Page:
Appraising the Evidence
"Critical appraisal is the process of carefully and systematically examining research to judge its trustworthiness, and its value and relevance in a particular context."
The following resources will help you:
Critically Appraising Evidence for Healthcare JBI eBook
Synthesizing Quantitative Evidence JBI eBook
Practice Guideline Critical Appraisal Worksheet - Duke University
Inclusion Criteria McMaster University guide to inclusion criteria for systematic reviews.
Anatomy of a Systematic Review National Collaborating Centre for Methods and Tools (Canada)
CASP critical appraisal of Systematic Reviews
Systematic Review (of Therapy) worksheet CEBM Toronto
Systematic Review Critical Appraisal Duke University
Randomised Controlled Trials
CASP critical appraisal of RCTs
FRISBE for critical appraisal of therapy studies. Duke University
Therapy worksheet CEBM Toronto
Therapy Critical Appraisal Worksheet Duke University
Evidence-based Medicine: Answering questions of diagnosis Clin Med Res 2004. 2(1):63-9.
An introduction to critical appraisal of articles of diagnosis J Am Osteopath Assoc 2007.107(8):304-9
Diagnosis Critical Appraisal Worksheet Duke University
Diagnosis worksheet CEBM Toronto
Stats Calculator CEBM Toronto
How to calculate Likelihood Ratios CEBM Toronto
Diagnostic Test Calculator Alan Schwartz, University of Illinois, Chicago.
Synthesizing Evidence of Diagnostic Accuracy JBI eBook
Prognosis Critical Appraisal Worksheet Duke University
Prognosis worksheet CEBM University of Toronto
Harm worksheet CEBM University of Toronto
Harm Critical Appraisal Worksheet Duke University
Synthesizing Evidence of Risk JBI eBook
Differential Diagnosis Critical Appraisal Worksheet Duke University
CASP critical appraisal of economic evaluations
Synthesizing Economic Evidence JBI eBook
Qualitative Study Critical Appraisal Worksheet Duke University
Qualitative Research in Health Care A. Are the Results of the Study Valid? JAMA. 2000 Jul 19;284(3):357-362.
Qualitative Research in Health Care B. What Are the Results and How Do They Help Me Care for My Patients? JAMA. 2000 Jul 26;284(4):478-482.
Synthesizing Qualitative Evidence JBI eBook
Synthesizing Evidence from Narrative, Text and Opinion JBI eBook
How to Use an Article About Quality Improvement. JAMA 2010;304 2279-2287
Appraise the evidence UWA Faculty of Medicine, Dentistry & Health Sciences
Apply the evidence UWA Faculty of Medicine, Dentistry & Health Sciences
Knowledge Translation in Healthcare JBI eBook
Public Engagement in Translating Knowledge to Action JBI eBook
Translation Science and the JBI Model of Evidence Based Healthcare JBI eBook
Number Needed to Treat
How to calculate the number-needed-to-treat Terry Shaneyfelt. video 3 min
The NNT Tutorial Grahm Walker video 4 min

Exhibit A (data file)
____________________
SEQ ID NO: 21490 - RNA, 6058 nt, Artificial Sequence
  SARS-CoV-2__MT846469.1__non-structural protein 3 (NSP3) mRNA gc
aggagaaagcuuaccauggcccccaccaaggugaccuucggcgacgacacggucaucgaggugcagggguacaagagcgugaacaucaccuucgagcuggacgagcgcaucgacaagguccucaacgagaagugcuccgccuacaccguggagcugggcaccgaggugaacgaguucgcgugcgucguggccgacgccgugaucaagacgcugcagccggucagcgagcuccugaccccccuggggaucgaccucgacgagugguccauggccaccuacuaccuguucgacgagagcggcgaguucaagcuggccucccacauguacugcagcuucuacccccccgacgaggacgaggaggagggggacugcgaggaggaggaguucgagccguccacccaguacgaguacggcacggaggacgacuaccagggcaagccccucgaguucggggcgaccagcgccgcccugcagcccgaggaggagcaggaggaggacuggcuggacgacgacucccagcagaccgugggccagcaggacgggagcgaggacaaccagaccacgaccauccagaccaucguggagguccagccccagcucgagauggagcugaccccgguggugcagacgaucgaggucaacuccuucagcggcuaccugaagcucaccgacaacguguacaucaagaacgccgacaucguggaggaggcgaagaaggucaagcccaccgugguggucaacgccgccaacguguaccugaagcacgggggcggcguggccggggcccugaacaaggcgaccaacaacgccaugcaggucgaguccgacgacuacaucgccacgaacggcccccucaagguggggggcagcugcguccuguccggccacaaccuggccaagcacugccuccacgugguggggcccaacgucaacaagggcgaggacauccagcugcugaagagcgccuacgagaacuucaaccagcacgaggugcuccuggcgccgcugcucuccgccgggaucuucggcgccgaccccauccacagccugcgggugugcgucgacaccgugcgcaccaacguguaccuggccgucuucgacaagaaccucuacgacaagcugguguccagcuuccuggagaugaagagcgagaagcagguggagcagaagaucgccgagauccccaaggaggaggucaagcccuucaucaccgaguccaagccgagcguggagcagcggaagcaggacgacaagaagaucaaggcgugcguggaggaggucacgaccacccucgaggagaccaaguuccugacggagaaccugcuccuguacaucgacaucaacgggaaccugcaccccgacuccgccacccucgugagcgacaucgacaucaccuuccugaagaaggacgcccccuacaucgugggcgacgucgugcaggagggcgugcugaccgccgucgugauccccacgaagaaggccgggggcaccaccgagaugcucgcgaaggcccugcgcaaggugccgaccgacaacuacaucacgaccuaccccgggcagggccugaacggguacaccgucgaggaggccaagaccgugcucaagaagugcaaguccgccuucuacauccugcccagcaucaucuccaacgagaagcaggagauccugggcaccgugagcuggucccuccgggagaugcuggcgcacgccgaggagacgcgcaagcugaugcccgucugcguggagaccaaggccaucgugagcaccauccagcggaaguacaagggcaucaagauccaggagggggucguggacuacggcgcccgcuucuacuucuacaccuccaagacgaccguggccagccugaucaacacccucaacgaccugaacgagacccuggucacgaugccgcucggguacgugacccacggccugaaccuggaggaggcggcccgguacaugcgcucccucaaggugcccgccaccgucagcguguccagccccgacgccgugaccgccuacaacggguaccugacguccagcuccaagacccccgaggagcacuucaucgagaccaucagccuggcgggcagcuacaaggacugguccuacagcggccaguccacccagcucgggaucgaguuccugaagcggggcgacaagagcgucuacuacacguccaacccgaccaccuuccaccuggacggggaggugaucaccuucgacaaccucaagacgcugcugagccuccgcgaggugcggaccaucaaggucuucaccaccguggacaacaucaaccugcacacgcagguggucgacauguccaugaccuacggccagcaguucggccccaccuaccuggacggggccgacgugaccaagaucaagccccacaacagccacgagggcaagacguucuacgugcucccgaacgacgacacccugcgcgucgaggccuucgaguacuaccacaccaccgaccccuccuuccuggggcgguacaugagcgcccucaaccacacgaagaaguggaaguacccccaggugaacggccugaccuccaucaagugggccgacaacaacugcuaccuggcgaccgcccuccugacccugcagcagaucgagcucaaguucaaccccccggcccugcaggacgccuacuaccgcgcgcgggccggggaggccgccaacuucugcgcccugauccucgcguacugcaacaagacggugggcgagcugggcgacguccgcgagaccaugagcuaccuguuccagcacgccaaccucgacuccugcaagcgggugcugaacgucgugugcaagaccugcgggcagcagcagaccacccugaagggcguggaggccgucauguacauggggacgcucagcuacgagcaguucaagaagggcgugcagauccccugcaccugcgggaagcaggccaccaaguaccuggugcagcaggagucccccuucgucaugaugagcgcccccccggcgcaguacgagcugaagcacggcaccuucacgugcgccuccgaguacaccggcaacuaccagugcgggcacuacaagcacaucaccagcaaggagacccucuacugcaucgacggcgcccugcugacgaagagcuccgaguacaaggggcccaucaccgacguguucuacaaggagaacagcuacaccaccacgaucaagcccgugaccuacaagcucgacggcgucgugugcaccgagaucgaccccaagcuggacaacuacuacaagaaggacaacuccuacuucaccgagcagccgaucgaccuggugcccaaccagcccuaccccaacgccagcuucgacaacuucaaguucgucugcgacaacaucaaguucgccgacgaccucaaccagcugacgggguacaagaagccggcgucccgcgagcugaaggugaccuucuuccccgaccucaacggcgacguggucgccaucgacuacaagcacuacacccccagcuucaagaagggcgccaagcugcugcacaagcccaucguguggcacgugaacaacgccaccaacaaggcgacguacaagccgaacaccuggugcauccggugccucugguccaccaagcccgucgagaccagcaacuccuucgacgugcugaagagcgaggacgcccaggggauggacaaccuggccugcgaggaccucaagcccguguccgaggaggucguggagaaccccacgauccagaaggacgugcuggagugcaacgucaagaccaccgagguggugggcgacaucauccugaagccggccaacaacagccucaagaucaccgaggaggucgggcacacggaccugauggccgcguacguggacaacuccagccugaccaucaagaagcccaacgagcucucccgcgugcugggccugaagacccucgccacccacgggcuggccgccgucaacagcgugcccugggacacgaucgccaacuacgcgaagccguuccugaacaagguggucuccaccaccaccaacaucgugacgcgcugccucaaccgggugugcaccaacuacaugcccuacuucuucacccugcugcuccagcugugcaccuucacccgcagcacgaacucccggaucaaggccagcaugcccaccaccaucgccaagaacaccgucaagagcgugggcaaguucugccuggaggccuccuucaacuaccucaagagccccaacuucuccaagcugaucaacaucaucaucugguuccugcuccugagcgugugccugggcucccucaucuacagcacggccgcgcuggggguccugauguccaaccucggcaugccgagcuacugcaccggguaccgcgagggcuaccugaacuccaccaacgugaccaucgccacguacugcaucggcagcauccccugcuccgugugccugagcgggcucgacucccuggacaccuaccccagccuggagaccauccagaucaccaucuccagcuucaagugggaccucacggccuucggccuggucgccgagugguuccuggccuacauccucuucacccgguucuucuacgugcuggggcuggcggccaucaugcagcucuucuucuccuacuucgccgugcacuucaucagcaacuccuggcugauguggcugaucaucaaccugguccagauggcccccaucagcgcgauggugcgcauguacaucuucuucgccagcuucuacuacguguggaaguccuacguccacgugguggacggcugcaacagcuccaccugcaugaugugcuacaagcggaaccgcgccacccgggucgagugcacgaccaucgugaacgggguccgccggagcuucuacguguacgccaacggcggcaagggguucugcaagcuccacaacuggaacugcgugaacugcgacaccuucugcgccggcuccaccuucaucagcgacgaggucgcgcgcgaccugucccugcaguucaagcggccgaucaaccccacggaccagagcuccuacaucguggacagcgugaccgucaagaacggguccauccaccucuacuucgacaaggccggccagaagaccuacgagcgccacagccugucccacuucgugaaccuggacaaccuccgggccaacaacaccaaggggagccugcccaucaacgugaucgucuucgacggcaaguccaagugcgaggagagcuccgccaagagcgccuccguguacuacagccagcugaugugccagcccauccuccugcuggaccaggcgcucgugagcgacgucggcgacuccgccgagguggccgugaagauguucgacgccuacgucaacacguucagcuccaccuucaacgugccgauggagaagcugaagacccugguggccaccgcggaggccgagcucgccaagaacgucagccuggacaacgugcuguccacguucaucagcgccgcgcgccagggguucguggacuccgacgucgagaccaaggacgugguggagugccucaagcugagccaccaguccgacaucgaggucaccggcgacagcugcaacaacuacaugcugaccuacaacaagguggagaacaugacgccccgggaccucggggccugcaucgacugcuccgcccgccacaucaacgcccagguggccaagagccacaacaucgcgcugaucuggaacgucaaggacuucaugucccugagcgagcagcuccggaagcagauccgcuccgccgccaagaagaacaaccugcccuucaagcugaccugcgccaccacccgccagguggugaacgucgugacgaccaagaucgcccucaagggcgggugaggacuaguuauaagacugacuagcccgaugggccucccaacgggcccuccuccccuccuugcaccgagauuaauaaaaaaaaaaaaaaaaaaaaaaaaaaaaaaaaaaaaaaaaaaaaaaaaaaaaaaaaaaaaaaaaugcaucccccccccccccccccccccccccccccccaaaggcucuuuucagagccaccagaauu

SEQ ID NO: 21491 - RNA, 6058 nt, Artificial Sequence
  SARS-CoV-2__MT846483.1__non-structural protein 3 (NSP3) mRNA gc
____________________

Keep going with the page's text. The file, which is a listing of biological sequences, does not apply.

Number needed to treat Phillip Sedgewick. BMJ 2010;341:c5614
Number Needed to Treat (Dr. Cates)
Absolute Risk Reduction, Relative Risk Reduction, Relative Risk
How to calculate a relative risk Terry Shaneyfelt. video 3 min
Basic Statistics for Clinicians: Assessing the effects of treatment: measures of association CMAJ. 1995 Feb 1;152(3):351-7. Erratum in: Can Med Assoc J 1995 Mar 15;152(6):813.
Gordon Guyatt explaining odds ratios video 21 min
How to calculate an odds ratio Terry Shaneyfelt. video 3 min
Odds ratios. Philip Sedgwick. BMJ 2010;341:c4414
Intention-to-treat analysis - What it is and why is it important? Terry Shaneyfelt video 5min
What is intention-to-treat analysis? Allan Shaughnessy video 1 min
What is the intention-to-treat analysis? Philip Sedgewick BMJ 2013;346:f3662
How to interpret a forest plot. Terry Shaneyfelt video 5 min
Interpreting and understanding meta-analysis graphs--a practical guide. Aust Fam Physician. 2006 Aug;35(8):635-8. PubMed PMID: 16894442
Confidence intervals. Terry Shaneyfelt video 5 min
Basic Statistics for Clinicians: Interpreting study results: confidence intervals CMAJ. 1995 Jan 15;152(2):169-73.
Sensitivity, Specificity and Likelihood ratios
Sensitivity & specificity H. Gilbert Welch video 8 min
How to calculate sensitivity Terry Shaneyfelt video 4 min
How to calculate specificity Terry Shaneyfelt video 3 min
What are likelihood ratios and how are they used Terry Shaneyfelt video 10 min
more videos by Allan Shaughnessy
Stating the meaning of effect size measures in plain English
These links courtesy of Duke University
Predatory journals charge publication fees to authors without providing legitimate peer review services prior to publication. Articles from these journals may not be reliable.
It is also important to assess journals and publishers before choosing to publish in an unfamiliar journal.
There is no single checklist to determine if a publisher or journal is predatory. Following are some questions to help assess open access publishers and journals:
Directory of Open Access Journals (DOAJ) provides a directory of quality peer-reviews open access journals.
The World Association of Medical Editors provide guidance on identifying predatory or pseudo-journals.
The following lists have compiled 'potential, possible or probably predatory' journals:
Note: These lists are not comprehensive or authoritative. They are designed to help authors, but all authors should conduct their own due diligence to reach their own conclusions.